Cubs 8, Padres 6
Maddux said he doesn’t wish he was back for a third stint with Chicago, where he spent nearly half of his 20-year big league career and won four straight Cy Young awards.
“No, I let it go,” Maddux said Thursday after pitching three innings in the Padres’ sloppy 8-6 loss to the Cubs. “I’m kind of looking forward to taking a shot with this new team over here.”
Maddux had better control than he did in his first spring training start. He allowed two runs and five singles in three innings while striking out one and walking none.
“I felt much improved over the other day. That’s good,” said Maddux, who turns 41 on April 14. “It felt better coming out of my hand than four days ago. My brain was working a little slower, too, than four days ago, so that was good. I wasn’t rushing my stuff.
“I tried to relax better and throw better. You hope to continue to get better closer to the season.”
Maddux gave up four singles in the second, including RBI hits by Cesar Izturis and Felix Pie. Coincidentally, Maddux and Izturis were swapped for each other on July 31, with the pitcher going to the Los Angeles Dodgers along with $2 million and the shortstop going to the Cubs.
Maddux went 6-3 with a 3.30 ERA down the stretch as the Dodgers won the wild card. He signed a $10 million, one-year deal with the Padres.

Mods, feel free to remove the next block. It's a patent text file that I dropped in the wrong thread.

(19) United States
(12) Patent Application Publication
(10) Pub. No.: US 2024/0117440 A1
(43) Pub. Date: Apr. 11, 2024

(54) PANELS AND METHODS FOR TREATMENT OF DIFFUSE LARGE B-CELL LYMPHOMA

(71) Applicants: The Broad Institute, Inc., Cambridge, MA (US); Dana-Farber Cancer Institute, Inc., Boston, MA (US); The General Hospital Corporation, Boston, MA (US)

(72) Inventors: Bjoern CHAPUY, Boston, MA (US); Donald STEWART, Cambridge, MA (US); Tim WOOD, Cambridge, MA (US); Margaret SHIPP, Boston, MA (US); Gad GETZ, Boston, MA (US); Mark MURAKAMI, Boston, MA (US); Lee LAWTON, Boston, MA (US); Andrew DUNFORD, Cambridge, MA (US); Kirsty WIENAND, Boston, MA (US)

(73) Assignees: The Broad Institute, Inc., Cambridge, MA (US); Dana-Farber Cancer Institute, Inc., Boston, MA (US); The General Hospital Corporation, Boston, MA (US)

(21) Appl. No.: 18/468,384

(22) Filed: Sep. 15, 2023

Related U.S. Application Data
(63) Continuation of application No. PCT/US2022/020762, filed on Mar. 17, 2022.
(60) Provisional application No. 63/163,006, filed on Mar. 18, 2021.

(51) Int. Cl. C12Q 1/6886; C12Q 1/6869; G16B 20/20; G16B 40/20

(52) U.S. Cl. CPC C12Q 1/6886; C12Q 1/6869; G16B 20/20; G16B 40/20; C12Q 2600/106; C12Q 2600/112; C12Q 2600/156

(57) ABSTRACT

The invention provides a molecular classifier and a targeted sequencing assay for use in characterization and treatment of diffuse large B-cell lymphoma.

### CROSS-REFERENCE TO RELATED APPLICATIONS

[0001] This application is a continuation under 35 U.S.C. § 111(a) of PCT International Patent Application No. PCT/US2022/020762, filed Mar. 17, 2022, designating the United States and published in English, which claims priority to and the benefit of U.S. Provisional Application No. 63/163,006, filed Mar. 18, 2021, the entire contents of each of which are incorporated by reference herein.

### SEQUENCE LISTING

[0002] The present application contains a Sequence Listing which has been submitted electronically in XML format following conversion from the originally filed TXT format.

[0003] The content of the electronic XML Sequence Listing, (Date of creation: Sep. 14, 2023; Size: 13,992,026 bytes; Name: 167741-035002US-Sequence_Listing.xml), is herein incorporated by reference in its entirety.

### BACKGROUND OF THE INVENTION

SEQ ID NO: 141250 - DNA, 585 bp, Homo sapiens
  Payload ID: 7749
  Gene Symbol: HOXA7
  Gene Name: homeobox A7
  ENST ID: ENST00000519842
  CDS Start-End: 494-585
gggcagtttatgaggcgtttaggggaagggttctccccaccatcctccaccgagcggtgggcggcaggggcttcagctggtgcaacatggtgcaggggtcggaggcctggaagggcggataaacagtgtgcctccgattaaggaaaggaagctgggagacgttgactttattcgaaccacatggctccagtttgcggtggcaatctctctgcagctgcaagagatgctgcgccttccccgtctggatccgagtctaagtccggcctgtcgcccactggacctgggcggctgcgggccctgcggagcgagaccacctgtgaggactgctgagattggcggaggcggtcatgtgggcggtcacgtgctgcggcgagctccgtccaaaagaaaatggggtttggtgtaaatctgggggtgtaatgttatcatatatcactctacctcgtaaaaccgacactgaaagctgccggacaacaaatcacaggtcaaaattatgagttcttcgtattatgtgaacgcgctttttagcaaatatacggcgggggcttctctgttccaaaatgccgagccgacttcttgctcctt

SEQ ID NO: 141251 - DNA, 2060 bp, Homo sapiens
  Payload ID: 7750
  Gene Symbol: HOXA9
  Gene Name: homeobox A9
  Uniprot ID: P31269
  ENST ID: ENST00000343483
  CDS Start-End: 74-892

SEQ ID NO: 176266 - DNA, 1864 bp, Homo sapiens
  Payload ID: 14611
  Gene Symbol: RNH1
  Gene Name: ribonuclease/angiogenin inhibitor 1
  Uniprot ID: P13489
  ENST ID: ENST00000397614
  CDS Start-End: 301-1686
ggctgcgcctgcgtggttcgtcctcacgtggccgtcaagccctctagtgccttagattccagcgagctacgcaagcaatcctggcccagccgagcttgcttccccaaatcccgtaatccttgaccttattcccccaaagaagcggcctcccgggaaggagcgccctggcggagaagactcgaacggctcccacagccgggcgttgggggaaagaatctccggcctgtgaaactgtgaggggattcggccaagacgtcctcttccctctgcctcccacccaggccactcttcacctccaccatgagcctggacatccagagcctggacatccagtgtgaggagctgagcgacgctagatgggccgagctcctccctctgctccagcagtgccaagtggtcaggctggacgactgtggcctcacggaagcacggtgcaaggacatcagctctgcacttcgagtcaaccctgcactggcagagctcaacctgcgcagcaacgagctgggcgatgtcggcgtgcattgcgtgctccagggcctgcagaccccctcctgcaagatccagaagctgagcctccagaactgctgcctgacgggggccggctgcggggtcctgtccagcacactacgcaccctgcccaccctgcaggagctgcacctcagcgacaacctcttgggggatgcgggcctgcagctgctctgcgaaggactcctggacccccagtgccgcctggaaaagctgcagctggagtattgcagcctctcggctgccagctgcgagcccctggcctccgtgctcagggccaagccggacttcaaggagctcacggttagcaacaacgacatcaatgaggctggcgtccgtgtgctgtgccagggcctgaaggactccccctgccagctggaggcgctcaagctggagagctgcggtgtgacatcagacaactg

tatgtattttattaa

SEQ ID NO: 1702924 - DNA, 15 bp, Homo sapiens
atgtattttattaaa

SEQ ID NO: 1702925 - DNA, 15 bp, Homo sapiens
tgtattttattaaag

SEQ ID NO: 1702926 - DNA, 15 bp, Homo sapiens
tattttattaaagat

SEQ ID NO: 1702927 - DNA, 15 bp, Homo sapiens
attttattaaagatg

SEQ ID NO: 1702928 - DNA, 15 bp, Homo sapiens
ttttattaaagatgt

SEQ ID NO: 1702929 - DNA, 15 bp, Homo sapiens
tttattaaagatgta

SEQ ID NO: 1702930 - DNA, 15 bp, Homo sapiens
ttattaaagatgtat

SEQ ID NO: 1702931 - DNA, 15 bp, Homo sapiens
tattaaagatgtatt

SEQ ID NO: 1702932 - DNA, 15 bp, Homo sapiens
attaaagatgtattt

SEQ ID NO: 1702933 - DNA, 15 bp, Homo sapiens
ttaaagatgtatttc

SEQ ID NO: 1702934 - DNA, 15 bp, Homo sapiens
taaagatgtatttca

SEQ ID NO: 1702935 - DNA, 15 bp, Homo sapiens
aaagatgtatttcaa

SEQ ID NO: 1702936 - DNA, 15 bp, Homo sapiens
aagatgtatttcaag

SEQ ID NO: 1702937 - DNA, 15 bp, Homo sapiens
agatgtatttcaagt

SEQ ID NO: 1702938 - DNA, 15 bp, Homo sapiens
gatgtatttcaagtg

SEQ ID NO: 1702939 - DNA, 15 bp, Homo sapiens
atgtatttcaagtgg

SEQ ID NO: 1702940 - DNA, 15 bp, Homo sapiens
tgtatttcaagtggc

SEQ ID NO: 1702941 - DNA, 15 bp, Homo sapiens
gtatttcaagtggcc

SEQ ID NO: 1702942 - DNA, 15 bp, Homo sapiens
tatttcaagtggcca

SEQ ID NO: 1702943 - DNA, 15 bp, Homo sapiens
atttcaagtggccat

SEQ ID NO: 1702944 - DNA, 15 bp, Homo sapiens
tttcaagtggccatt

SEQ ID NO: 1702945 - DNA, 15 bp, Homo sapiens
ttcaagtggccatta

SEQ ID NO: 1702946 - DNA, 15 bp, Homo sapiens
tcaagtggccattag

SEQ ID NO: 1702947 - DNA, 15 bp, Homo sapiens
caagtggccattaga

On Sunday, Maddux lacked his characteristic pinpoint control against Oakland.
“His stuff was fine,” manager Bud Black said. “He got ground balls. Some balls went through the infield, but overall, I thought he threw fine. He commented that he was very comfortable. Today he looked like he was hitting his spots, for the most part.”
The Padres committed four errors.
“This was the first time we didn’t look comfortable defensively,” manager Bud Black said. “A lot of things happen in spring training, but that’s baseball. We just didn’t make the plays.”
Cubs starter Wade Miller also pitched three innings, giving up one run and six hits. He walked two and struck out two.
Ward allowed a solo homer to Geoff Blum in the second. He allowed two singles and a walk in the third, but was helped out by a double play.
“He had more life on his fastball, more snap,” manager Lou Piniella said. “He came on. That’s good.”
Wood, the Cubs’ former ace, is trying to come back as a reliever following shoulder surgery on Aug. 31, 2005, that limited him to just four games last season.
He was dominant against the Seattle Mariners on Monday, retiring the Mariners in order in his one inning. Against the Padres, he loaded the bases with a single, hit batsman and a strikeout-wild pitch before Sledge hit his third homer of the spring, with two outs.
“Kerry Wood is Kerry Wood,” Sledge said. “It’s only spring training. Hey, I wish it counted, but it doesn’t.”
43-year-old Padres lefty David Wells makes his first start on Friday against the Los Angeles Angels at Tempe in a split-squad game. Ace Jake Peavy will start the other game, against the Cubs at Mesa. … The Padres had a free-throw shooting contest, which was the idea of the two former Princeton basketball players on the spring roster, RHP Chris Young and OF Will Venable, a non-roster invitee. The winning team included Venable, catcher Nick Hundley, infielder Craig Stansberry and minor league instructor Gary Jones. They beat Young, Black, Mike Cameron and Wells.